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Control Of Environmental Factors During Chick Brooding

Control of environmental factors during chick brooding

Brian Fairchild, a poultry extension scientist at the University of Georgia, discussed temperature and chick physiology; the effect of temperature on chick growth performance; the importance of relative humidity, ventilation and light, and energy conservation.

The main goal of raising chicks is to provide a comfortable and healthy environment for growing chickens effectively and economically. Temperature, air quality, humidity and light are important considerations. Failure to provide an appropriate environment during brooding will result in growth retardation, decreased feed conversion rates, and increased disease, elimination, and mortality rates, which will reduce the profitability of the chicken industry.

Temperature and chick physiology

Maintaining the proper temperature is the key to chick brooding, especially in the first two weeks of chick life. The poor self-metabolism regulation ability of chicks is not enough to control body temperature. Therefore, chicks rely on ambient temperature to maintain optimal body temperature. If the room temperature drops, the body temperature of the chicks will also drop. Similarly, if the room temperature increases, the body temperature of the chicks will also increase.

During the brooding period, too cold or too hot will lead to slow growth of chickens, poor feed conversion rate, and increased disease susceptibility. Appropriate brooding measures must be taken to maintain body temperature, so that chickens do not need to metabolize asthma or generate heat to maintain body temperature and lose energy.

Studies have shown that chicks develop self-regulating body temperature about 12-14 days of age. Chicks are easily stressed if their body temperature drops or increases by 1 degree. Once the temperature changes, the chick will try to compensate compensatively, which means that it will have an adverse effect on growth performance. 0-day-old chicks have a body temperature of approximately 103°F (39°C), but by 5 days of age the body temperature is 106°F (41.1°C), which is the same as adult chickens.

Extreme (high or low) temperature usually causes chicks to die, but even slightly cold or hot will affect the growth performance of chicks but will not be lethal. Chicks tend to be more tolerant of high temperatures than adult chickens. Continued high temperature for a period of time will increase mortality and negatively affect growth performance.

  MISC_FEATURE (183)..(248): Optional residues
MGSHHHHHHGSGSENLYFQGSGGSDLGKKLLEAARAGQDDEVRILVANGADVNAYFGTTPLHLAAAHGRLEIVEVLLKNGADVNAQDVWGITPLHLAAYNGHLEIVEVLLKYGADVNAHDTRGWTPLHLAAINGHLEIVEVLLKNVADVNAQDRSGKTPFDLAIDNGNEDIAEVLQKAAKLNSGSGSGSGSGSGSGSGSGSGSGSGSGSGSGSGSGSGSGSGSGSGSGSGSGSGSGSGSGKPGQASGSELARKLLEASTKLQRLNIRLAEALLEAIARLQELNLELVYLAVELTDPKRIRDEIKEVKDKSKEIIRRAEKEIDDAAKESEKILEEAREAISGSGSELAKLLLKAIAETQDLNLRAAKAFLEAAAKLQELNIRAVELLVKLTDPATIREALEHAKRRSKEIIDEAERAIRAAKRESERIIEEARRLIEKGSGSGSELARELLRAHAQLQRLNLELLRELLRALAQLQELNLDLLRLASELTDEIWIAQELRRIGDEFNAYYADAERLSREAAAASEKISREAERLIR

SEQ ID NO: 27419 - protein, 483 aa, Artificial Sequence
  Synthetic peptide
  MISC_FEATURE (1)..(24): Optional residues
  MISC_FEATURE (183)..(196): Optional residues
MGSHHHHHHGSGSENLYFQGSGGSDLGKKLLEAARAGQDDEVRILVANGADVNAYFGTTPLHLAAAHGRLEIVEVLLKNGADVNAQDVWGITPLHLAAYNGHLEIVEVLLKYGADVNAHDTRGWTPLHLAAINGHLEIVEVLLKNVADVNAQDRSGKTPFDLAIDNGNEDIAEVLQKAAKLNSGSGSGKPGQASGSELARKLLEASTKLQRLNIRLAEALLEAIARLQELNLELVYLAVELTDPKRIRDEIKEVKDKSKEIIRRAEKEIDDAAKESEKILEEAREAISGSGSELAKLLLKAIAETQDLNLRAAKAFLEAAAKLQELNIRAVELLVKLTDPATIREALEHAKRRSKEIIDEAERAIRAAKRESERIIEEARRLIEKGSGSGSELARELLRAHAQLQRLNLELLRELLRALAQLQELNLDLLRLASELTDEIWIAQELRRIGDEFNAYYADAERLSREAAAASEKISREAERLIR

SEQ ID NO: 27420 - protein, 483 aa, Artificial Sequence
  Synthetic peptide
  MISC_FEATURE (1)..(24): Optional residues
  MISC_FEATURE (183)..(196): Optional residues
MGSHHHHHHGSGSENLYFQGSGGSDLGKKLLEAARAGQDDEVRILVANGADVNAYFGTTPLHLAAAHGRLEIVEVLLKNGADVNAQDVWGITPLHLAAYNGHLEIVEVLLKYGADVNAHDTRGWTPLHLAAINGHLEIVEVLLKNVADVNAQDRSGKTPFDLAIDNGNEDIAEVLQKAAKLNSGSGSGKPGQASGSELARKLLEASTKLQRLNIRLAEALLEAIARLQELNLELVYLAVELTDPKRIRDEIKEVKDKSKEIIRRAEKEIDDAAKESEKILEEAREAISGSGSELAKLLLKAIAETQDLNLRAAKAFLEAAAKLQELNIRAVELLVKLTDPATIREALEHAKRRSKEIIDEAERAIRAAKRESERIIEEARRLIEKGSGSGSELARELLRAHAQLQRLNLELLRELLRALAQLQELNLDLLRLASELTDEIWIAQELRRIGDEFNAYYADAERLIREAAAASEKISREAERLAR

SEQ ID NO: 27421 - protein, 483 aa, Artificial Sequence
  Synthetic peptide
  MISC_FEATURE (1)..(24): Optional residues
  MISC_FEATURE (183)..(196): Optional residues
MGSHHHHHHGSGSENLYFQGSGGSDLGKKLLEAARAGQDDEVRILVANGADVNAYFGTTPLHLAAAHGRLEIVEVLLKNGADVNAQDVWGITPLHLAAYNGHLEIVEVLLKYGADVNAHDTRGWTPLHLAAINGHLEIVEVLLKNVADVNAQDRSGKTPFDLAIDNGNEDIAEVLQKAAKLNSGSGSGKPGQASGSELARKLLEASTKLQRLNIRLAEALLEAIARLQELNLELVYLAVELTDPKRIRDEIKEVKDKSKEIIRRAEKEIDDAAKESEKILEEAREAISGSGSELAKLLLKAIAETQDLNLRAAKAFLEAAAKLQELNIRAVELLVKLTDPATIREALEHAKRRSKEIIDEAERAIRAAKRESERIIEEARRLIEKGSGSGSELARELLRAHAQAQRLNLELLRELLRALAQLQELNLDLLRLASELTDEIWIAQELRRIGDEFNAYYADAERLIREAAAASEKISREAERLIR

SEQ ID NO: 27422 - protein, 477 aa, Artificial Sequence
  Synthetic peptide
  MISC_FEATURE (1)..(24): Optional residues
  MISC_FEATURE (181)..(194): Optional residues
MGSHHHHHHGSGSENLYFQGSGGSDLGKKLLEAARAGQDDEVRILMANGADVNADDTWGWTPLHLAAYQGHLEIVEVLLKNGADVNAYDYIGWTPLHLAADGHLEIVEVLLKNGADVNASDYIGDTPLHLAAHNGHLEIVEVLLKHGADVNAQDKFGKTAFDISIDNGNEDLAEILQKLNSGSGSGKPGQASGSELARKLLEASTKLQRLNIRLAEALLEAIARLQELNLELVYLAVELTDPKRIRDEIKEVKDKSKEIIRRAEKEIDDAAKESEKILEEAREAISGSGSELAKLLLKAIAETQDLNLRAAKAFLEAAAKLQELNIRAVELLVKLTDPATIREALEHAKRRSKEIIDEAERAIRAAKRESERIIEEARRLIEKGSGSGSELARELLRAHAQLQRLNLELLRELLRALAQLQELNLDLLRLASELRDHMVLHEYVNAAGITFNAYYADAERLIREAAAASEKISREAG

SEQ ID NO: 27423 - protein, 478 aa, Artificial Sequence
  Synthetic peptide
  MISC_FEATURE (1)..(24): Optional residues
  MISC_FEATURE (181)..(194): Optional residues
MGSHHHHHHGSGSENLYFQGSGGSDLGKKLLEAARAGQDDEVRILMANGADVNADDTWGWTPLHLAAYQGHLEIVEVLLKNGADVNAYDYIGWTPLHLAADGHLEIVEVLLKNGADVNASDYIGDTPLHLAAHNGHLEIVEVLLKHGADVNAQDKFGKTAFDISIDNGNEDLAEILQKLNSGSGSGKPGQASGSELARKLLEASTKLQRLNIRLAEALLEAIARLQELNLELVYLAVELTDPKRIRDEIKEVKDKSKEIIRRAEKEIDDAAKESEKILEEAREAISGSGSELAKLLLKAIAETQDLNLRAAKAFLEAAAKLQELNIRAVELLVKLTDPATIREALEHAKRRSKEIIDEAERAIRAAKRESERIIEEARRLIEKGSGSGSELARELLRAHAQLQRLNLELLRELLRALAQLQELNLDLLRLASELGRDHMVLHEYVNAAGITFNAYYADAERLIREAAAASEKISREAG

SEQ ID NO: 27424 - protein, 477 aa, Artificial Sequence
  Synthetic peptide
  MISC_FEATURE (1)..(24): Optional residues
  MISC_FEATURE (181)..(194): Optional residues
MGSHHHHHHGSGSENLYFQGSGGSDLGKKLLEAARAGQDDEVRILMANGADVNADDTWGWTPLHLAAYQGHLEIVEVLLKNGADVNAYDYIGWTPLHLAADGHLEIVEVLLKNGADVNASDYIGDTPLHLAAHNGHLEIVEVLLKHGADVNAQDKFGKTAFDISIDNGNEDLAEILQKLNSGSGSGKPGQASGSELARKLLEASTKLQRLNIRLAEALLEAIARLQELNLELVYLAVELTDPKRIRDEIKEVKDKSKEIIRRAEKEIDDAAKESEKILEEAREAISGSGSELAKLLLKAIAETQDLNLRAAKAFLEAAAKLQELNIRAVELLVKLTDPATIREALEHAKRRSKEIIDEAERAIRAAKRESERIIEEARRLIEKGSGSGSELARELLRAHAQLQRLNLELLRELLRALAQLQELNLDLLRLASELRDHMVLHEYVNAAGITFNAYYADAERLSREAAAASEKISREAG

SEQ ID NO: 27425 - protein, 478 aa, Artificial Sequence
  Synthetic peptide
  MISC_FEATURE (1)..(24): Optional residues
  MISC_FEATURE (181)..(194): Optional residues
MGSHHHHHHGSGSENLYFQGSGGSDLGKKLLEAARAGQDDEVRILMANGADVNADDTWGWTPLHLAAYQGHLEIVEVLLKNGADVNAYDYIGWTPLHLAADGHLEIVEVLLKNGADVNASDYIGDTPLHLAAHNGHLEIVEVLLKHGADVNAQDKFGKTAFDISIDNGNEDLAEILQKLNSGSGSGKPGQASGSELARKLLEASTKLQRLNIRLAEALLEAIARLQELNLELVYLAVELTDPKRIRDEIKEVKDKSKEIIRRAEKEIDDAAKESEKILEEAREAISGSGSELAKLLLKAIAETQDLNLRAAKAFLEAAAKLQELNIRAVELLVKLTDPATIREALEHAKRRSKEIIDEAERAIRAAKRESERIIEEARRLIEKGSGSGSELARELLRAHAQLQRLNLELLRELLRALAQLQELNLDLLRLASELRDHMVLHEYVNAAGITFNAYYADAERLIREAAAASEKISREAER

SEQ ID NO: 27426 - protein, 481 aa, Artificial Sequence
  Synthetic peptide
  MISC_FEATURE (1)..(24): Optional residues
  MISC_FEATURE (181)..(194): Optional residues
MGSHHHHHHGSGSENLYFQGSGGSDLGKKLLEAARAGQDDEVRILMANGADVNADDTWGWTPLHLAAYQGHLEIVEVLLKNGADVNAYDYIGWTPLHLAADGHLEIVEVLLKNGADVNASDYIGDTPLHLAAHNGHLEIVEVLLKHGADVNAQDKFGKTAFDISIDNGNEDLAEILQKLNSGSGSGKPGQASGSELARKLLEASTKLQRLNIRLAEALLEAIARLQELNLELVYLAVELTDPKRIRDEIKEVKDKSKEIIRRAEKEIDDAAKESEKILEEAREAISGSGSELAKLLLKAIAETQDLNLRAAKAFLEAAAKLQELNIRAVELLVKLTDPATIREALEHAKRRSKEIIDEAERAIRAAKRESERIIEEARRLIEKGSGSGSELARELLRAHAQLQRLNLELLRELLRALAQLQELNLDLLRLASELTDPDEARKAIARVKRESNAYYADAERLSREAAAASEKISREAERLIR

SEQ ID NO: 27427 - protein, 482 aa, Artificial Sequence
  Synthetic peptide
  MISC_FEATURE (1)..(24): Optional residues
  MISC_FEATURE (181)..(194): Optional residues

Research shows that chicks suffering from low temperature will weaken their immune system and digestive system. Therefore, the growth performance of chicks suffering from cold stress will decrease and the disease susceptibility will increase. Cold stress chickens will only have a higher incidence of ascites, and mortality and elimination rates in processing plants will also increase.

Research chickens raised at 80°F or 90°F have better body weight gain, feed conversion rate and survival rate. The growth rate of chickens brooding below 80°F is lower than that of the high brooding temperature treatment group. The chicks raised at these temperatures cannot keep up with the weight, so the chicks that weighed less than the appropriate temperature when they reached market age. Not only do chicks raise their growth rate, but they will consume more feed to keep themselves warm, which reduces feed efficiency and increases feed costs.

Temperature and chick growth performance

One of the goals during brooding is to maintain the chicks in their comfort zone. The chicks do not need to use energy to increase or remove body heat to maintain body temperature.

When the ambient temperature of the chicken is higher or lower than the ambient temperature of the comfort zone, it takes more energy to maintain body temperature. This excess energy will eventually be provided by consuming feed. Therefore, the energy from the feed will be used to maintain body temperature instead of growth and development, which will cause the feed conversion rate to decrease. Therefore, the ambient temperature plays a major role in determining the cost of meat production or breeding hens.

Reasonable brooding includes not only maintaining the proper temperature but also the use of good management practices. The brooding temperature will vary depending on whether the heat source is a hot blast stove, a traditional brooder or a radiation brooder (Table 1). Note that the temperature in Table 1 refers to the air temperature when set to provide a floor temperature of 90°F (32°C).

In brooding, the floor temperature is very important. Studies have shown that the average floor temperature when placing chicks in the house must be 90°F (32°C). Hot air stoves need to set a higher temperature, because they must first heat the air, and then let the heated floor heat. Traditional umbrella brooders directly use about 40% of the heat to heat the floor and 60% of the heat to heat the air. Radiant brooders use about 90% of the heat for the floor and 10% for the air. Because the umbrella and radiant brooders directly use more heat for the floor, the air temperature used to obtain the ideal floor temperature is lower than the air temperature required by the hot blast stove.

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